Thanks to COVID-19, the last month has been miserable for many local businesses. Not bicycle shops, though.
“We’re selling bikes like burritos,” says Nate Fitzgerald, a longtime employee of Rage Cycles in Scottsdale.
On a typical Tuesday, Rage Cycles sells anywhere from zero to three bikes.
“Yesterday, Tuesday, we couldn’t count how many bikes we sold,” Fitzgerald says. “We were like, did we sell seven, nine, 10?”
Bike shops are considered an essential business in Arizona, allowed to stay open under Governor Doug Ducey's stay-home order. And with limited options for exercise, recreation, and generally keeping sane, metro Phoenix residents are rediscovering their inner bicyclist — digging through their garages, dusting off their cruisers and their kids’ bicycles, and hitting the road. The paved trails alongside the canals that sprawl across the Valley are so popular these days that it’s sometimes hard to keep six feet away from other riders.
It’s not just Rage Cycles that’s swamped with customers. The Velo is a high-end bike shop in downtown Phoenix, but lately, it has had “a huge increase” in people who “just want to go out and pedal around and keep their sanity,” says Jace Kuyper, general manager. The shop has also sold bikes to local professional athletes looking to stay fit, he said.
At Grey Matter Family Bicycle Shop in Phoenix, business has quadrupled in the last month or so, said Mike Claffey, whose son David owns the shop. On the last weekend in March, it sold close to 30 bikes; before coronavirus, it would sell five or six bikes on a Saturday.
Phoenix New Times also reached out to Landis Cyclery, which operates three shops around the Valley, but it said it was too busy to talk. Asked if he had a few minutes to talk, the manager of Bicycle Ranch in Scottsdale said, “Absolutely not. Right now, we’re just so swamped,” and asked us to call back later.
Bike repairs are way up, too. The backlog of repairs on high-end wheels at Rage Cycles, typically no more than a few days, is now about two weeks, Fitzgerald says. The shop is prioritizing repairs for people who rely on their bicycles for transportation, he adds.
The Rusty Spoke, a volunteer-run community bicycle initiative in downtown Phoenix that teaches and helps people to repair their own bikes and sells parts at or below cost, closed for a few weeks in mid-March to sort things out after Ducey declared a state of emergency, but it is reopening this month. (Disclosure: I sometimes volunteer at The Rusty Spoke.) It serves many people who are homeless or don't have a lot of money.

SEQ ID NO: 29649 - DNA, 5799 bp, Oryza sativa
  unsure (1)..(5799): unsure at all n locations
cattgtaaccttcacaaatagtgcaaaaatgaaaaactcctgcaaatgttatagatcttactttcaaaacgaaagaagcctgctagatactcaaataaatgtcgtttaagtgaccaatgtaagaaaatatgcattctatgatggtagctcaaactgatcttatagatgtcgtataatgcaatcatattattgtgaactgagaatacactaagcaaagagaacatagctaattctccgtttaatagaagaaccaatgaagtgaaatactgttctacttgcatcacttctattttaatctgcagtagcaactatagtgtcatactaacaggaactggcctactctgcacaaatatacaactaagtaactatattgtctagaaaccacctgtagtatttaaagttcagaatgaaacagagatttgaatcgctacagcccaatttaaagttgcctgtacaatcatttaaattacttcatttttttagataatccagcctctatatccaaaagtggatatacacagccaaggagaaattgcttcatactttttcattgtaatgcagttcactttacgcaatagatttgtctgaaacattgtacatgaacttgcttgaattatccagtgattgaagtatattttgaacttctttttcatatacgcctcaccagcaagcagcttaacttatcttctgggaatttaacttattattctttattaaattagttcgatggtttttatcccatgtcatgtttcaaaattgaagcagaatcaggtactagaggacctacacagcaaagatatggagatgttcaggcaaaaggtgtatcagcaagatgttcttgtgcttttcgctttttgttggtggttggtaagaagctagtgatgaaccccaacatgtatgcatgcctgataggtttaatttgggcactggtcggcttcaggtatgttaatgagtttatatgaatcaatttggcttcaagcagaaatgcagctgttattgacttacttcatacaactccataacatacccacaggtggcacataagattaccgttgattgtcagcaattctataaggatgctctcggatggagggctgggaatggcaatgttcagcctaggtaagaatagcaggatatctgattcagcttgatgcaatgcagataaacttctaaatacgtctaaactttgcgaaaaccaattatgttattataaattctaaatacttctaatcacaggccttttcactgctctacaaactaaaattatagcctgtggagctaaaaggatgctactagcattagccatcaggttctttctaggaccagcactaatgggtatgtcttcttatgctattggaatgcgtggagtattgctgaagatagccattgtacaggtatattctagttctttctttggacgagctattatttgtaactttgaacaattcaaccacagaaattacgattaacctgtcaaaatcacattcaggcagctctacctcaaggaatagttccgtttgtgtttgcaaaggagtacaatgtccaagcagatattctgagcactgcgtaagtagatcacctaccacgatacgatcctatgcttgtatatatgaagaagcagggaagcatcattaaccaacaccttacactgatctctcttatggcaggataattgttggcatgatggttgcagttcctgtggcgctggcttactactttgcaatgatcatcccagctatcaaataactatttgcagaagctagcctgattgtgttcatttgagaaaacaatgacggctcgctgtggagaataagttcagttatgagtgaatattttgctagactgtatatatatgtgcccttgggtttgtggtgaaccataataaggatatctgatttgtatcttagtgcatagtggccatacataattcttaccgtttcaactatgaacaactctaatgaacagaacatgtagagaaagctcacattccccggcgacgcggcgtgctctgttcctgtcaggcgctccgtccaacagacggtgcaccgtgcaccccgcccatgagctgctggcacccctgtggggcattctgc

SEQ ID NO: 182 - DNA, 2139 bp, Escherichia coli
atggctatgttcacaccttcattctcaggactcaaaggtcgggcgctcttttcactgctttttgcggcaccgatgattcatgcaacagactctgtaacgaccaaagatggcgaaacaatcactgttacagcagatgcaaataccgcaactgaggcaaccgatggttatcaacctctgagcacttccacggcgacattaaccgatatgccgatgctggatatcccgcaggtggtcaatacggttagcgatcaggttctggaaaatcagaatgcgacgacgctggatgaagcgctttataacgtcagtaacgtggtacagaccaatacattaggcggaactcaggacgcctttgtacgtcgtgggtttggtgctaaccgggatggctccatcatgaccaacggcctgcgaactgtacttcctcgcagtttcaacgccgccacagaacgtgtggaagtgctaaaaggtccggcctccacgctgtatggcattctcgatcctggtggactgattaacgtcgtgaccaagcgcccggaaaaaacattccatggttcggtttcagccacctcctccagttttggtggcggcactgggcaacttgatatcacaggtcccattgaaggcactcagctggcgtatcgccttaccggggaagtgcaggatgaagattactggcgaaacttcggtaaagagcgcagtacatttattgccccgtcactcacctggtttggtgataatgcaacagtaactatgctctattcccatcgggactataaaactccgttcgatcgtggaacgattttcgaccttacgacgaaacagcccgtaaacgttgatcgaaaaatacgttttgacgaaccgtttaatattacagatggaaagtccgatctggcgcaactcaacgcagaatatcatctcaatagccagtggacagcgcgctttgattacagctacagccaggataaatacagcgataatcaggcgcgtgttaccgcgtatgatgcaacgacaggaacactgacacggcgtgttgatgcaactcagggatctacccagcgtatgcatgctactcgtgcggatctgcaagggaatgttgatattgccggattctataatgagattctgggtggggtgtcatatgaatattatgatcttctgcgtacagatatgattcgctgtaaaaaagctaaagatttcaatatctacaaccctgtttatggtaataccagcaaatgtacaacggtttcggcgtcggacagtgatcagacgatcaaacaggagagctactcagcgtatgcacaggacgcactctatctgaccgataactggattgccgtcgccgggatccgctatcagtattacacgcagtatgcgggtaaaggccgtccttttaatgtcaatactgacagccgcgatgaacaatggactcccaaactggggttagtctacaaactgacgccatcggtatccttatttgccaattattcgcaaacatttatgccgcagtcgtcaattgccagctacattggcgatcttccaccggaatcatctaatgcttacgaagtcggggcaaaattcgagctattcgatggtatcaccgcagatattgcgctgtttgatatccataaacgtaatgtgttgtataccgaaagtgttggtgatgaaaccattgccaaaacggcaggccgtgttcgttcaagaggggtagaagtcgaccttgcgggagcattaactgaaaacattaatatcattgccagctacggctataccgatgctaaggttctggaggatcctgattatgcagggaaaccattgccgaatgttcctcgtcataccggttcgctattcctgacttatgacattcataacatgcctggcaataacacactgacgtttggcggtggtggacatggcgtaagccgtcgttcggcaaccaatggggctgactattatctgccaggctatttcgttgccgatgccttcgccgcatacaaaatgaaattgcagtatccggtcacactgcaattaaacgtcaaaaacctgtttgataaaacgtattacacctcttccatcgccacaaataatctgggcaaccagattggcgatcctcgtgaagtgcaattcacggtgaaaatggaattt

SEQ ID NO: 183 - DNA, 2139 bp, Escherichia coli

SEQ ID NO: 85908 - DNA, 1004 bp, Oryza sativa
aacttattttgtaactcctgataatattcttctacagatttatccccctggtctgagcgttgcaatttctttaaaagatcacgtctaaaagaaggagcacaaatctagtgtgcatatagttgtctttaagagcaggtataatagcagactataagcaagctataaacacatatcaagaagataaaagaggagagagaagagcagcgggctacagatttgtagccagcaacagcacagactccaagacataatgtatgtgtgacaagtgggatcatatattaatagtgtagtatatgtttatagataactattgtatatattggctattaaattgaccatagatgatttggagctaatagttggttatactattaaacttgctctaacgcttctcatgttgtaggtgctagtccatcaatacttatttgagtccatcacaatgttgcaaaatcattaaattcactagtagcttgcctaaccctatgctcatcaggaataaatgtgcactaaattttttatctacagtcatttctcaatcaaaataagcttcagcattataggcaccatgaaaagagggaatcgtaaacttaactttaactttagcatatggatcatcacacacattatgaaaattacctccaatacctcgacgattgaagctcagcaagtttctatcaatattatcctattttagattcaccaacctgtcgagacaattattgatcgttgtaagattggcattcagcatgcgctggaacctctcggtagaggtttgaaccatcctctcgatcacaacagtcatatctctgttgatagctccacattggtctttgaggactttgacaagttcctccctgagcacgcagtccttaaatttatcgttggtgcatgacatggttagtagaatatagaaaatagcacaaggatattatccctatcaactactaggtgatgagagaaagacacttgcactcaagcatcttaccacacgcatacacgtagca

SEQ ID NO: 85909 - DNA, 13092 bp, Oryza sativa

“I thought about a lot of our customers ... they can’t afford to take their bike to a bike shop to get it repaired,” Spencer Dew, a volunteer there, said of the decision to reopen. “I really wanted us to be available.”
These shops have changed the way they operate as well. Some aren’t allowing customers into the shop at all, offering service at the door or from a table outside. Others are strictly limiting the number of people who can come in at a time. Some have reduced the hours they’re open to the public, to give staff time to work through backlogs of repairs. They’re frequently wiping down surfaces. And while they’re selling dozens of bikes, their sales of accessories and clothing — things that people buy when they can enter a shop and browse — have dropped off.
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The coronavirus shutdown has also put an end to social gatherings — the group rides and the happy hours that make bike shops hubs in their communities. Rage Cycles used to organize bike rides at least twice a month. It organized skills clinics and held an informal happy hour every Friday, Fitzgerald said. Those have ended.
“All the fun is canceled,” he sighed.
Velo used to host group rides on Saturday and Sunday mornings. Those have been replaced with virtual group rides, where people can ride "with" each other to the same backdrop. But to do that, you need a device that allows you to cycle in place at home.
At a minimum of $500, it’s “quite a spread,” Kuyper said. “It’s like a Peloton, but you put your own bike onto it.”